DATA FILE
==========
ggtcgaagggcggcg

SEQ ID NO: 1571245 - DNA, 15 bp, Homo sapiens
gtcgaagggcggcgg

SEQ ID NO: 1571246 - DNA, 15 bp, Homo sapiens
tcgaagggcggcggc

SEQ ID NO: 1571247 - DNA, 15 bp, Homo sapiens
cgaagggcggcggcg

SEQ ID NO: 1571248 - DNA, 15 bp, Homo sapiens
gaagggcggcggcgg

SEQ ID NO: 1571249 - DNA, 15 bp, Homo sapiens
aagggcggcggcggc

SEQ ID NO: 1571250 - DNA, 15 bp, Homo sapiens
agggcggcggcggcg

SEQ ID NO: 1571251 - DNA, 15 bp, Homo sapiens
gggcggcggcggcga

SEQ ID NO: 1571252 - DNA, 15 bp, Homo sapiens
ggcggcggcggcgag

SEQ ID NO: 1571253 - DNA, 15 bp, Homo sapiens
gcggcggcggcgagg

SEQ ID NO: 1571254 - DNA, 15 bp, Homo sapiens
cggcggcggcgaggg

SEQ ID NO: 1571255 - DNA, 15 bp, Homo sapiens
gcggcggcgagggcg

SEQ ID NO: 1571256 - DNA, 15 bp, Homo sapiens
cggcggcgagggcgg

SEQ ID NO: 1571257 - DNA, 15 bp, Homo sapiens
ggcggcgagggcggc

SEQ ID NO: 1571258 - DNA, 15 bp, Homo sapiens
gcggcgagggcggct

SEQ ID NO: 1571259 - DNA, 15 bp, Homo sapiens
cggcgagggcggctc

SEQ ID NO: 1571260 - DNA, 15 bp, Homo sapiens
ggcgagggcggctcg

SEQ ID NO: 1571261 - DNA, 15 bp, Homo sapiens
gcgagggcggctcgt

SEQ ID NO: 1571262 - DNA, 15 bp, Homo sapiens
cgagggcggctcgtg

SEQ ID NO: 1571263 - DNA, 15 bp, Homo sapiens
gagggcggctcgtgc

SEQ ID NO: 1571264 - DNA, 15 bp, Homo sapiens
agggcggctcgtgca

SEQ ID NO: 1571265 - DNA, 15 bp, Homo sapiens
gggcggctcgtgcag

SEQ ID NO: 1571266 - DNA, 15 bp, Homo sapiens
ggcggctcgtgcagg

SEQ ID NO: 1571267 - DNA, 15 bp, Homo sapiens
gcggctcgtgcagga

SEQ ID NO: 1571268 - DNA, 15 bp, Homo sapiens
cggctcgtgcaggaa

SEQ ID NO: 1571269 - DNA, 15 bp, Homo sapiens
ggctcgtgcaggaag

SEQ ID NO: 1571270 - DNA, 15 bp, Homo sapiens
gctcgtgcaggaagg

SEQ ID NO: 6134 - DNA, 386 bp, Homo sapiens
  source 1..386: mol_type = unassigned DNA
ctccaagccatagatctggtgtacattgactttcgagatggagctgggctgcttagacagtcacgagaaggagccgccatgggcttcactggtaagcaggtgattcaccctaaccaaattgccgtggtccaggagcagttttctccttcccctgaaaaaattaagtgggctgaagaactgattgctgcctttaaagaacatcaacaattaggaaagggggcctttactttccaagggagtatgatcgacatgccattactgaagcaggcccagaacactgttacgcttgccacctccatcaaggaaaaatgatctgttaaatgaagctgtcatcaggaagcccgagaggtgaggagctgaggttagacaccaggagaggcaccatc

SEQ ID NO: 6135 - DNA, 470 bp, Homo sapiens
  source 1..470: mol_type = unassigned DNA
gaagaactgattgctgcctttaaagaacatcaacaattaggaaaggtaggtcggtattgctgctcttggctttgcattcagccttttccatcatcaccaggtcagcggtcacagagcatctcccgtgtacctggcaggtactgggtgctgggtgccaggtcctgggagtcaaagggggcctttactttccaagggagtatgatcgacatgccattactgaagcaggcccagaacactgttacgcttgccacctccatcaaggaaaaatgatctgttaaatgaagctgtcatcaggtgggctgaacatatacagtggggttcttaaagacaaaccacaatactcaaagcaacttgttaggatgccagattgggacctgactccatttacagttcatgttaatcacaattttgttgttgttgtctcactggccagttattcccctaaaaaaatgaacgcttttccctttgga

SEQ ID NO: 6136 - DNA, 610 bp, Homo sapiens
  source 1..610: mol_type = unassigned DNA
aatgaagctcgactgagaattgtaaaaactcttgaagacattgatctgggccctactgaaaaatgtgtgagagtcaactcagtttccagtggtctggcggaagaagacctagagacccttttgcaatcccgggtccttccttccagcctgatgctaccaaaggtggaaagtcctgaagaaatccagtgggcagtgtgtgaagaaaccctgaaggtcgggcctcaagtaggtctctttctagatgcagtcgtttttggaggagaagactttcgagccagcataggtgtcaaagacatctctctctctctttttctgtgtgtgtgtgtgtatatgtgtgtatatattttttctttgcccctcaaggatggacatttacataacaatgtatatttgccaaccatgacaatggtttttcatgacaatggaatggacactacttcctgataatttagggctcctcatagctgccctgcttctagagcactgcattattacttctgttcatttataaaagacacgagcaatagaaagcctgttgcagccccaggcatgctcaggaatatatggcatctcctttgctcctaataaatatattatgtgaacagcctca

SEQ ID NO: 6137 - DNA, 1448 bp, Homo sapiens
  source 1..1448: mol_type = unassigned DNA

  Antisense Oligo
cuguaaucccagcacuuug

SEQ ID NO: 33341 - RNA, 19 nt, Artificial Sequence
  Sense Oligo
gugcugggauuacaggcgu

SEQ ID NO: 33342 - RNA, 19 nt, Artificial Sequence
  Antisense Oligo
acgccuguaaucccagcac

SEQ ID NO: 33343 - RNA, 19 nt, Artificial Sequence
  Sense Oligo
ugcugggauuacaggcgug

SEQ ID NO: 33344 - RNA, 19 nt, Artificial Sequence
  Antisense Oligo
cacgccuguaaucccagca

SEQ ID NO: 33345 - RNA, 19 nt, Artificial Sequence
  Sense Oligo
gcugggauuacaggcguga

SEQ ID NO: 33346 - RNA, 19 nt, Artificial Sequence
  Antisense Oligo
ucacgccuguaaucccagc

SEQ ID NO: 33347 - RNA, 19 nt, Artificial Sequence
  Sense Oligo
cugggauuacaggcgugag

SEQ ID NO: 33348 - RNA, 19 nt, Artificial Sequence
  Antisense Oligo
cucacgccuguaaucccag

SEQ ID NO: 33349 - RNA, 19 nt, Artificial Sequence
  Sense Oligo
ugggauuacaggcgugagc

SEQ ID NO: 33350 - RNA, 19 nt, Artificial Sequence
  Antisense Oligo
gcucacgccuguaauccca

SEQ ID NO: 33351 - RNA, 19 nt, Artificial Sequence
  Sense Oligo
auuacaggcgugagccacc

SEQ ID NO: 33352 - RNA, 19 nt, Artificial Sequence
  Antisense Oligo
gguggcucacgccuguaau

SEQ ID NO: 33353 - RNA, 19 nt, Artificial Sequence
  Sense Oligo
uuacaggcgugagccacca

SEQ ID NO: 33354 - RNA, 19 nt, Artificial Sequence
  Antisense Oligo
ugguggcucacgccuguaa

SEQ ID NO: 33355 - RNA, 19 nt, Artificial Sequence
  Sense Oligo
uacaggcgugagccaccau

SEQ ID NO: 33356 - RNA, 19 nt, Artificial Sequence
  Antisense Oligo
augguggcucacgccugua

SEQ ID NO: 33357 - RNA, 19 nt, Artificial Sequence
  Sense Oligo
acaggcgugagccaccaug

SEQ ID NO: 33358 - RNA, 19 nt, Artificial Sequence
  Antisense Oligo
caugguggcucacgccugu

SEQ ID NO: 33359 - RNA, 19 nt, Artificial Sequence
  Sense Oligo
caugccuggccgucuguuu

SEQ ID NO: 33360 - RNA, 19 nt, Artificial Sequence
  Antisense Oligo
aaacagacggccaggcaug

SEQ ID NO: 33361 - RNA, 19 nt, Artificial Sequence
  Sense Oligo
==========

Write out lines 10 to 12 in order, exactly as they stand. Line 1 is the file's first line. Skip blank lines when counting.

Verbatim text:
SEQ ID NO: 1571249 - DNA, 15 bp, Homo sapiens
aagggcggcggcggc

SEQ ID NO: 1571250 - DNA, 15 bp, Homo sapiens